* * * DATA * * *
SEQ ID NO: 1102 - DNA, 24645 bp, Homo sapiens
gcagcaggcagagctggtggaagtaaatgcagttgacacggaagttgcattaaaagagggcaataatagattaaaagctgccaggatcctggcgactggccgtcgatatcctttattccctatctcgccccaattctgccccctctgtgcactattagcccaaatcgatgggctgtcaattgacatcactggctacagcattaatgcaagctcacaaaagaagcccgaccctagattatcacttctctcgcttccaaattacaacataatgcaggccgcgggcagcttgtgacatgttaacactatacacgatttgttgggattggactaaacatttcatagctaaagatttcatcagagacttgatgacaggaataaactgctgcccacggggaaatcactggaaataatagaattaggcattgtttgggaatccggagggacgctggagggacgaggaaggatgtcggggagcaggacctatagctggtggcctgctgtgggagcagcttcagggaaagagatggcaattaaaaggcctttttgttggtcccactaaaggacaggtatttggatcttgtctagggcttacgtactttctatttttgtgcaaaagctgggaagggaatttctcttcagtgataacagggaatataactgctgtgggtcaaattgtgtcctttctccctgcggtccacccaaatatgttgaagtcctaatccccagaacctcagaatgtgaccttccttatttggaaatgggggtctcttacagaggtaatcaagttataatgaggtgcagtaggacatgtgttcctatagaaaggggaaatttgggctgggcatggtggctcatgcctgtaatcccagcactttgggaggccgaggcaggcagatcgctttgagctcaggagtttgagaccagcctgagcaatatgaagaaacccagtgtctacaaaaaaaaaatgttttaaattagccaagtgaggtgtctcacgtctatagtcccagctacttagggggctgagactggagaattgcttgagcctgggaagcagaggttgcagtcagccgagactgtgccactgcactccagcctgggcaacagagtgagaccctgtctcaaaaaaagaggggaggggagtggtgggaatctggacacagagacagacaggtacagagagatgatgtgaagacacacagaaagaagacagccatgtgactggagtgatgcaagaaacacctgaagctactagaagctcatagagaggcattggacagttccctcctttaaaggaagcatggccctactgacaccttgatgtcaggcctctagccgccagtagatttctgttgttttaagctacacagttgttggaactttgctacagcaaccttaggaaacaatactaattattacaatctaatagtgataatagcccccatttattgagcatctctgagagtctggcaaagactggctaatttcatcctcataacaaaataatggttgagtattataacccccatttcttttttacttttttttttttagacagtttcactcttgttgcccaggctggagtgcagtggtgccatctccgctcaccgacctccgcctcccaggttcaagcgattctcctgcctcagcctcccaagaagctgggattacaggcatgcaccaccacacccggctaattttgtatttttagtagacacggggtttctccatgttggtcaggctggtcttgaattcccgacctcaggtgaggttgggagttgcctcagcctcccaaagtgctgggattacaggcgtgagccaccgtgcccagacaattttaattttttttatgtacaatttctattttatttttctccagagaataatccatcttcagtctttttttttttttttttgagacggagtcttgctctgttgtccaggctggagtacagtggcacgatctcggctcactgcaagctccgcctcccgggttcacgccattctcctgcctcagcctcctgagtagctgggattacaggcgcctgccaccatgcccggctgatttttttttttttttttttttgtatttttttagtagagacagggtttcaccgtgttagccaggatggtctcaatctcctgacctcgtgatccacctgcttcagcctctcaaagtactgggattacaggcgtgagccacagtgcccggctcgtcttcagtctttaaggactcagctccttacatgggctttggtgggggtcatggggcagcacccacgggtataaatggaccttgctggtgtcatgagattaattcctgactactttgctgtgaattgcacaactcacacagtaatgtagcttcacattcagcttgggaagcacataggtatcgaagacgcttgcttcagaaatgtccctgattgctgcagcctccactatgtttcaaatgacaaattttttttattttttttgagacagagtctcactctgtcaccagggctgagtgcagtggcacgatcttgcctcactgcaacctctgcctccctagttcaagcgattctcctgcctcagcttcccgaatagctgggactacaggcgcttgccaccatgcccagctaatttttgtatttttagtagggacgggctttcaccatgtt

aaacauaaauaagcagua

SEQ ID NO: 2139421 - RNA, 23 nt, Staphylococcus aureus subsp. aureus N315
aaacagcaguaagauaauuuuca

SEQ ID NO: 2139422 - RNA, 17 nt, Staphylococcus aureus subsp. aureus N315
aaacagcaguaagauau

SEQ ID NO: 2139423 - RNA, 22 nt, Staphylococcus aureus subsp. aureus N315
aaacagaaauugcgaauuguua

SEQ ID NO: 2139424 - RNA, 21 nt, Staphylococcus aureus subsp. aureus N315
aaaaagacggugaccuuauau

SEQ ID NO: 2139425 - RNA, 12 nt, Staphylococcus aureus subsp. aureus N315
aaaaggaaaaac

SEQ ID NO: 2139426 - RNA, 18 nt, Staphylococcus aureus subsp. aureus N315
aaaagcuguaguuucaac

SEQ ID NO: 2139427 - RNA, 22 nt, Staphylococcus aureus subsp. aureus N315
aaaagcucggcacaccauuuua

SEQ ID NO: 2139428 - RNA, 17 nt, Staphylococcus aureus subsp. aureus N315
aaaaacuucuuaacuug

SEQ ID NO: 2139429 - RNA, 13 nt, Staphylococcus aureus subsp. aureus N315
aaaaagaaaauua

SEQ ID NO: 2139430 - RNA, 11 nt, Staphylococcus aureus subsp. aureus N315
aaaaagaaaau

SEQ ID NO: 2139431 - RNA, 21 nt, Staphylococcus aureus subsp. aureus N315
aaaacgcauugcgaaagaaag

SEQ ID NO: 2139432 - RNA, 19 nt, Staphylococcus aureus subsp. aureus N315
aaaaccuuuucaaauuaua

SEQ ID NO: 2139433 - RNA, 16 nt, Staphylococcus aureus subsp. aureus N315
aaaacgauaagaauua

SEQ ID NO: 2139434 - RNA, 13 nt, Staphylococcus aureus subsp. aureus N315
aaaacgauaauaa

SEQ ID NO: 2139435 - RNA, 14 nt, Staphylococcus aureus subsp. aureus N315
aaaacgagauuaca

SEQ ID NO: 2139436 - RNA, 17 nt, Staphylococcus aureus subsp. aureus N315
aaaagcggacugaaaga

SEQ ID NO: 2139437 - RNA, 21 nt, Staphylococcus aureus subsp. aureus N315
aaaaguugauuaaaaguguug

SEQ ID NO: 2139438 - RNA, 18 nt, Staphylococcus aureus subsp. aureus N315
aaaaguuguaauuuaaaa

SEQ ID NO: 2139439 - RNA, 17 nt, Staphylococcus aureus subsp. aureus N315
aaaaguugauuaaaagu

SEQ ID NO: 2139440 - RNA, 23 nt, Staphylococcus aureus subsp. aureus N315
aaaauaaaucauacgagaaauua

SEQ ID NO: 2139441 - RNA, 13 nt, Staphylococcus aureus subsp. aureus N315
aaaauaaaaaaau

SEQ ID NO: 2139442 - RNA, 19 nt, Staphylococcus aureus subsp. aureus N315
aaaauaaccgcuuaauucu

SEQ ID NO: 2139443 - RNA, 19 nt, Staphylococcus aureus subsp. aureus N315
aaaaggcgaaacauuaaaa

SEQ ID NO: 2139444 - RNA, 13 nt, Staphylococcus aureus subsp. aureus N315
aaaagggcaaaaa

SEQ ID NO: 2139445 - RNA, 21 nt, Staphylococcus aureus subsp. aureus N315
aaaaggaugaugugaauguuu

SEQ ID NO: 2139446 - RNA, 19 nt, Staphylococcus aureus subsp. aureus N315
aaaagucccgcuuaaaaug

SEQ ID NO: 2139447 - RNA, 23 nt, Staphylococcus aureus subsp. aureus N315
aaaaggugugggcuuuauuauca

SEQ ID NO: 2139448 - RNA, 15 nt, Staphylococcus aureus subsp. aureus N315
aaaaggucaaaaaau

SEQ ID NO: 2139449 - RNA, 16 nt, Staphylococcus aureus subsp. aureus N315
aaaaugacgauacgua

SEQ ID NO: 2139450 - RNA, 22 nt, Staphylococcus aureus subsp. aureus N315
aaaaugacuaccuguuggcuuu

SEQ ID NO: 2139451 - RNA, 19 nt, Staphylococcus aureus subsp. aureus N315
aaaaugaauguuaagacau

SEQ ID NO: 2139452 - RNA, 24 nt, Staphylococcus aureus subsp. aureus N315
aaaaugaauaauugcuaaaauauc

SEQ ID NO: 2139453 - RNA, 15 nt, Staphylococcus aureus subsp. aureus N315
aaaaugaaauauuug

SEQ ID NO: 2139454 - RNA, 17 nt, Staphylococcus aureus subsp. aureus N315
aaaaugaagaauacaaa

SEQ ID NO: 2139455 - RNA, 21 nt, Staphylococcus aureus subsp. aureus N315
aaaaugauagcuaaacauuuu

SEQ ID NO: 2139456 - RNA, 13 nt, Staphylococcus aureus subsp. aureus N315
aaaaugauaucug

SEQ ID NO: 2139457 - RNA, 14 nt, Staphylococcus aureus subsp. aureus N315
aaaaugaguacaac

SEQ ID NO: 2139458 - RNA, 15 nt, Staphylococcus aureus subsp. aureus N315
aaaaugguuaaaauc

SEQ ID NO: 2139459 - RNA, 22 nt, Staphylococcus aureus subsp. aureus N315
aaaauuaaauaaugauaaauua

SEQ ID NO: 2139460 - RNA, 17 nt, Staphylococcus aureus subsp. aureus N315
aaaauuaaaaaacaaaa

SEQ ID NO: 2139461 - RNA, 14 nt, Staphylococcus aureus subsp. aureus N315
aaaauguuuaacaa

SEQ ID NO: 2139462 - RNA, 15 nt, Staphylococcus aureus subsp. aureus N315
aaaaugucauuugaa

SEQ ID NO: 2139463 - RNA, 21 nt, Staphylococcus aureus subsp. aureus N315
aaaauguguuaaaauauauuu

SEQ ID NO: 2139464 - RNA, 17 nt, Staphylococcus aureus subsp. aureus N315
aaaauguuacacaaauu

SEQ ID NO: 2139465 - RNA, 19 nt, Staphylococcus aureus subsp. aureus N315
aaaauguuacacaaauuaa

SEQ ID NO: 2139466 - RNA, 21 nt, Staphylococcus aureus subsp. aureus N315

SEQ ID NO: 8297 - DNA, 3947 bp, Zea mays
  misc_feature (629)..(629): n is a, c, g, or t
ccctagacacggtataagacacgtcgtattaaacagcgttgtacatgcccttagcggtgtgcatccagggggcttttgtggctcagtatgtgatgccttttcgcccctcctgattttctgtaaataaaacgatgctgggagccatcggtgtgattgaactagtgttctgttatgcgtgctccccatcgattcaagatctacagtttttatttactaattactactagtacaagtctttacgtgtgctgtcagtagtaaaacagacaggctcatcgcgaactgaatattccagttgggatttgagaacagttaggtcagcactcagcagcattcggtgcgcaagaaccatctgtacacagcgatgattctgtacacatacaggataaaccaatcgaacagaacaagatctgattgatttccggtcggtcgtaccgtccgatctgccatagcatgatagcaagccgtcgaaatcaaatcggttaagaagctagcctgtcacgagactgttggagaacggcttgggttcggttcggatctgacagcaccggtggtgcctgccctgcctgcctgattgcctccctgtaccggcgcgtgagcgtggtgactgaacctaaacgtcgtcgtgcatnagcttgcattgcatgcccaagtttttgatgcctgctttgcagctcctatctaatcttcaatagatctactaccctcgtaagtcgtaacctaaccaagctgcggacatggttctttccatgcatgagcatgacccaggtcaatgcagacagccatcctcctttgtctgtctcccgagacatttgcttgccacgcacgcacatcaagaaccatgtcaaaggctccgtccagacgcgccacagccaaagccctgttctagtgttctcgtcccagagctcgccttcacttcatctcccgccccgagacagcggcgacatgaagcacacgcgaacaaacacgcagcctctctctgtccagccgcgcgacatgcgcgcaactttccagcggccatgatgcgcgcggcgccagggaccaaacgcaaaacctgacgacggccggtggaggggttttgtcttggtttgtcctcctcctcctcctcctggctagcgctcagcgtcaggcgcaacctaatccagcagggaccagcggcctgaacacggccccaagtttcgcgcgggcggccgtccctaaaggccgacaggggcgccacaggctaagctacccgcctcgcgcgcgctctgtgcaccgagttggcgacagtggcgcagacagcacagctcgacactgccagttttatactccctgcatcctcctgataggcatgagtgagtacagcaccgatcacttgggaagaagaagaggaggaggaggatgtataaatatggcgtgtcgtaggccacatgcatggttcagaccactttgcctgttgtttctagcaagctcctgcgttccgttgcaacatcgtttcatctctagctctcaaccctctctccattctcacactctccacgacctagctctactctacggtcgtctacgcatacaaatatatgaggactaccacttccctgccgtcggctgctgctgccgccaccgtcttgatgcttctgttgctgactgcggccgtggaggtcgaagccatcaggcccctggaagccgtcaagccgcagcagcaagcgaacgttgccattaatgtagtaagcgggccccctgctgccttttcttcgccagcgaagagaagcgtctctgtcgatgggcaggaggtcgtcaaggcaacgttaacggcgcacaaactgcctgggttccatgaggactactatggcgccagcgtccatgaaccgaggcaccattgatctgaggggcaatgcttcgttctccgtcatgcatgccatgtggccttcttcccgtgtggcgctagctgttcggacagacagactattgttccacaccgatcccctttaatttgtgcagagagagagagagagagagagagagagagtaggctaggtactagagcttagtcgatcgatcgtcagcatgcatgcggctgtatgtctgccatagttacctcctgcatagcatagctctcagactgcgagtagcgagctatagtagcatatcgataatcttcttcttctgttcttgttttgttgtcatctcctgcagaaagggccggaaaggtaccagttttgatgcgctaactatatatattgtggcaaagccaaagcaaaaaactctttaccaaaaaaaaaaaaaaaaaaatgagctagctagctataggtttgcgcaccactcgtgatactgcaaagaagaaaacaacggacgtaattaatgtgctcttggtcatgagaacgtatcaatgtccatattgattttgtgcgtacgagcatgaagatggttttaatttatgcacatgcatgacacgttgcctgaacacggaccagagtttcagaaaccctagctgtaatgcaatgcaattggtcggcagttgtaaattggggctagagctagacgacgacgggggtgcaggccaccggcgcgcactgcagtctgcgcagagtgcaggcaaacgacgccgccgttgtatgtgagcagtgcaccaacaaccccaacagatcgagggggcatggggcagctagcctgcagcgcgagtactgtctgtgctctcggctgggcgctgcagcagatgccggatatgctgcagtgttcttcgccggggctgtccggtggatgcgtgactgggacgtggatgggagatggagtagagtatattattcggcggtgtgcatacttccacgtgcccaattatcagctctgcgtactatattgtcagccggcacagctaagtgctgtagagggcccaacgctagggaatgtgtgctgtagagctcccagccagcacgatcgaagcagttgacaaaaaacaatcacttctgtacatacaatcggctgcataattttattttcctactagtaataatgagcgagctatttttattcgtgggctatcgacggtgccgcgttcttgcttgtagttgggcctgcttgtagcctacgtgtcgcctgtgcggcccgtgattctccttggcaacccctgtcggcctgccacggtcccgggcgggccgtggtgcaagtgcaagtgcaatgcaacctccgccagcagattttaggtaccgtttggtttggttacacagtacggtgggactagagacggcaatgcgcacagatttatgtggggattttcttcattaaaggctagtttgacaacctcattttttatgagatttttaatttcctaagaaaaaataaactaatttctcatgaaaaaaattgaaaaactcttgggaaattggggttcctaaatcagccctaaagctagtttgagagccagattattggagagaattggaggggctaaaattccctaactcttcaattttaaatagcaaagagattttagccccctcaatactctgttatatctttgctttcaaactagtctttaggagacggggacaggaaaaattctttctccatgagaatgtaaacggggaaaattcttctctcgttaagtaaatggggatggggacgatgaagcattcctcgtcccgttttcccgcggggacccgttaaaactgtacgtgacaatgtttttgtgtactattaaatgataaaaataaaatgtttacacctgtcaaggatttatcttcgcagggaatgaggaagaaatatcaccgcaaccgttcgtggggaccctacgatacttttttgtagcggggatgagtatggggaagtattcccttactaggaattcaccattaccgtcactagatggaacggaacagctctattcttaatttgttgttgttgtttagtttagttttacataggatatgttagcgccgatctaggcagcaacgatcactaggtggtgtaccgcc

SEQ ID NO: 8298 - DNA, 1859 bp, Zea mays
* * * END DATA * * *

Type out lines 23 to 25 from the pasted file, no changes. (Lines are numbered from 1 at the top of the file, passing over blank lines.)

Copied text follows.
aaaaagaaaau

SEQ ID NO: 2139431 - RNA, 21 nt, Staphylococcus aureus subsp. aureus N315
aaaacgcauugcgaaagaaag